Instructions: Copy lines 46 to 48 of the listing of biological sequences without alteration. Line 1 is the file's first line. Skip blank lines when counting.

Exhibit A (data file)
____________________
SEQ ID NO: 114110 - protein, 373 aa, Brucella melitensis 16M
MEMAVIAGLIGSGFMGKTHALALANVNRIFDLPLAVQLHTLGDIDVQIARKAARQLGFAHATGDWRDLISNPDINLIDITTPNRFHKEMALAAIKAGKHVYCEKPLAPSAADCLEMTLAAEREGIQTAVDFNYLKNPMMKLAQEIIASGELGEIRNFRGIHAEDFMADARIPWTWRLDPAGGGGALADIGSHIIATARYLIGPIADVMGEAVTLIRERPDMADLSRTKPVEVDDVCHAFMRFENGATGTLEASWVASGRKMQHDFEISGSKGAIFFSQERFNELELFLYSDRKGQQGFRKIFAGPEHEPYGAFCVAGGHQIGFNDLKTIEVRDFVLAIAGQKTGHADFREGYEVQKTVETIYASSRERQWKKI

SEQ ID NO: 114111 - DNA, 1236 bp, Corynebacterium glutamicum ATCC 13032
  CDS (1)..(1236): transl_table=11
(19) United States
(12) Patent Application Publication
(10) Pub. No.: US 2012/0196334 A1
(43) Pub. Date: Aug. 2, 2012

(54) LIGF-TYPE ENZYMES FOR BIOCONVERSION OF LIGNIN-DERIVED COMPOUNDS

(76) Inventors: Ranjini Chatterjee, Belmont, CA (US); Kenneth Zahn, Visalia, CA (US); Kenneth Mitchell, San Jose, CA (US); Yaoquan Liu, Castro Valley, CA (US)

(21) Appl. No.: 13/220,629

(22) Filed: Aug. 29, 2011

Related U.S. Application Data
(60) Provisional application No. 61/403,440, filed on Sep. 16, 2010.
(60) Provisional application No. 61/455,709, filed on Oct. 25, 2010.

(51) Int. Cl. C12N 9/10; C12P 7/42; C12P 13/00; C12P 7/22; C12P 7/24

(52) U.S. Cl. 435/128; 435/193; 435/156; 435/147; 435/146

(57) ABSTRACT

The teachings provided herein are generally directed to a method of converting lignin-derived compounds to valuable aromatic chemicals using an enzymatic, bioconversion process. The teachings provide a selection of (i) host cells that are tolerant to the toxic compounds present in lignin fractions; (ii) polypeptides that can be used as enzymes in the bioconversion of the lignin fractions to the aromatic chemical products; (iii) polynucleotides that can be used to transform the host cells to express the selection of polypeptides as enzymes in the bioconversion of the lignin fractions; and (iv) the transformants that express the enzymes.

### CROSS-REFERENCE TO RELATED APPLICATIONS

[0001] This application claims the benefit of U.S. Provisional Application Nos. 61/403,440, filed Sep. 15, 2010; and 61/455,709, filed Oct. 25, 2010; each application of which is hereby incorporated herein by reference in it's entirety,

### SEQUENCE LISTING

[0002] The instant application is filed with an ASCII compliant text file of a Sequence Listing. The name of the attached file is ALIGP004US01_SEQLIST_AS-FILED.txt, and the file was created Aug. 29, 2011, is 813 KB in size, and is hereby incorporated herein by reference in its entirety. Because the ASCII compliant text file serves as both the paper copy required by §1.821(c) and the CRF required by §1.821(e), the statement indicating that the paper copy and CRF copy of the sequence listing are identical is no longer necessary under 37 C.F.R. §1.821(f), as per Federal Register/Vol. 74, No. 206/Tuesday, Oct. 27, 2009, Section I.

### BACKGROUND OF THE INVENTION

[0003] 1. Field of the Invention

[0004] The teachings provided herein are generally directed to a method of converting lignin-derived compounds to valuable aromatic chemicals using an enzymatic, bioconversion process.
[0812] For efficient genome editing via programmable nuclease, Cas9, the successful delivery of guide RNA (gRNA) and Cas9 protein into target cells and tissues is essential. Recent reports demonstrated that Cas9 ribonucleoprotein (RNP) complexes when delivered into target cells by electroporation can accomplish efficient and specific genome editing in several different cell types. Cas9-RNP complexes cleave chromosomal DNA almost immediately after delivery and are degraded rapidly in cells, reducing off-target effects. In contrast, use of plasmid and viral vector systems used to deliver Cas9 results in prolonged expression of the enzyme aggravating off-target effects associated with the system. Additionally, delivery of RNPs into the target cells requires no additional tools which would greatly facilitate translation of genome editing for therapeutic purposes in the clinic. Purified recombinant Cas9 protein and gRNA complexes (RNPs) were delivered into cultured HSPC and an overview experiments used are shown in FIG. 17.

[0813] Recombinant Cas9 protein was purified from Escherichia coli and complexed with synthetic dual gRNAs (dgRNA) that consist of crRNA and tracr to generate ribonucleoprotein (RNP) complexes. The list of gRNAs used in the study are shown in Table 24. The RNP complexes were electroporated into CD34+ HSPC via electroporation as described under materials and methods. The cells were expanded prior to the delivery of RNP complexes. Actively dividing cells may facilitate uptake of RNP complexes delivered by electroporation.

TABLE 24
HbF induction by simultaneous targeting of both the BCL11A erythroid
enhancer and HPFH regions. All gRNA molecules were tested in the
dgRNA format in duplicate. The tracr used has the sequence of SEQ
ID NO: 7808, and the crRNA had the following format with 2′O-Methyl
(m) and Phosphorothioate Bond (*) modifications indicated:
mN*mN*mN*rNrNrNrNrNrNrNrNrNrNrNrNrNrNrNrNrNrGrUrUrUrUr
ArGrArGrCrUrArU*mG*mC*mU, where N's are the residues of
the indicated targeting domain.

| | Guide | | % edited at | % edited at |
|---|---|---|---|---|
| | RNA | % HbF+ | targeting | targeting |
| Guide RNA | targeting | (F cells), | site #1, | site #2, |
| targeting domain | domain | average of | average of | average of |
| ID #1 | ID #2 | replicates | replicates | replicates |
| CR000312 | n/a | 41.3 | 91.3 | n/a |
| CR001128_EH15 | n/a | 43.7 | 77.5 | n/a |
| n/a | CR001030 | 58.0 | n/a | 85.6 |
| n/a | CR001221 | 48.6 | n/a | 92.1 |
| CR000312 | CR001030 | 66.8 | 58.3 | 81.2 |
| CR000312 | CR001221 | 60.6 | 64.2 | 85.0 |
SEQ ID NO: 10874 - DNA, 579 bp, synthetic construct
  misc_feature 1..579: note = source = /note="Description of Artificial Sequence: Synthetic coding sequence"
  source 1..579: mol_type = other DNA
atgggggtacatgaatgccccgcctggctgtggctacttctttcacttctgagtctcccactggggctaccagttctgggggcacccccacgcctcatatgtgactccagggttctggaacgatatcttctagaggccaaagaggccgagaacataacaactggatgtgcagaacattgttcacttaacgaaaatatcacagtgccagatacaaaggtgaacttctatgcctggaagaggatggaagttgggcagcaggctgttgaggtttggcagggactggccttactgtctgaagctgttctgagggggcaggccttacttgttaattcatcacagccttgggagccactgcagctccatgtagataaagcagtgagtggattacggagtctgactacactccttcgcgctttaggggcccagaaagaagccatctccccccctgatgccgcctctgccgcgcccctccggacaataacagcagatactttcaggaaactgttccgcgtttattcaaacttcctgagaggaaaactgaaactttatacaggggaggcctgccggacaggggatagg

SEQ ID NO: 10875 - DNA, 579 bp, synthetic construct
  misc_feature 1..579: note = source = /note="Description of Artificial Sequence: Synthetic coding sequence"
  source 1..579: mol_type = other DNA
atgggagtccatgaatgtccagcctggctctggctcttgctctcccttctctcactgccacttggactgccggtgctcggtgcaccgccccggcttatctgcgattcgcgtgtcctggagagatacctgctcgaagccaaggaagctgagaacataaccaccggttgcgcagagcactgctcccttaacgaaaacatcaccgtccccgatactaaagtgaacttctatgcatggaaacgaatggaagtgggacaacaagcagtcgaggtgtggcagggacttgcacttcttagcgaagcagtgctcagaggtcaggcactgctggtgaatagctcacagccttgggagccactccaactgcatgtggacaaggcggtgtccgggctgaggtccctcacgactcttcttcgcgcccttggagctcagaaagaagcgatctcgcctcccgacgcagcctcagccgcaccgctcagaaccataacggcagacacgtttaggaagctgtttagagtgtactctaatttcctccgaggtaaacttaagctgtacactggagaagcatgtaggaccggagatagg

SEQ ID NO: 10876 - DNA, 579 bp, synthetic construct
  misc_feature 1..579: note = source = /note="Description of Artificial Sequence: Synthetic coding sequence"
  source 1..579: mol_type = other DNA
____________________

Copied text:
| n/a | CR001030 | 58.0 | n/a | 85.6 |
| n/a | CR001221 | 48.6 | n/a | 92.1 |
| CR000312 | CR001030 | 66.8 | 58.3 | 81.2 |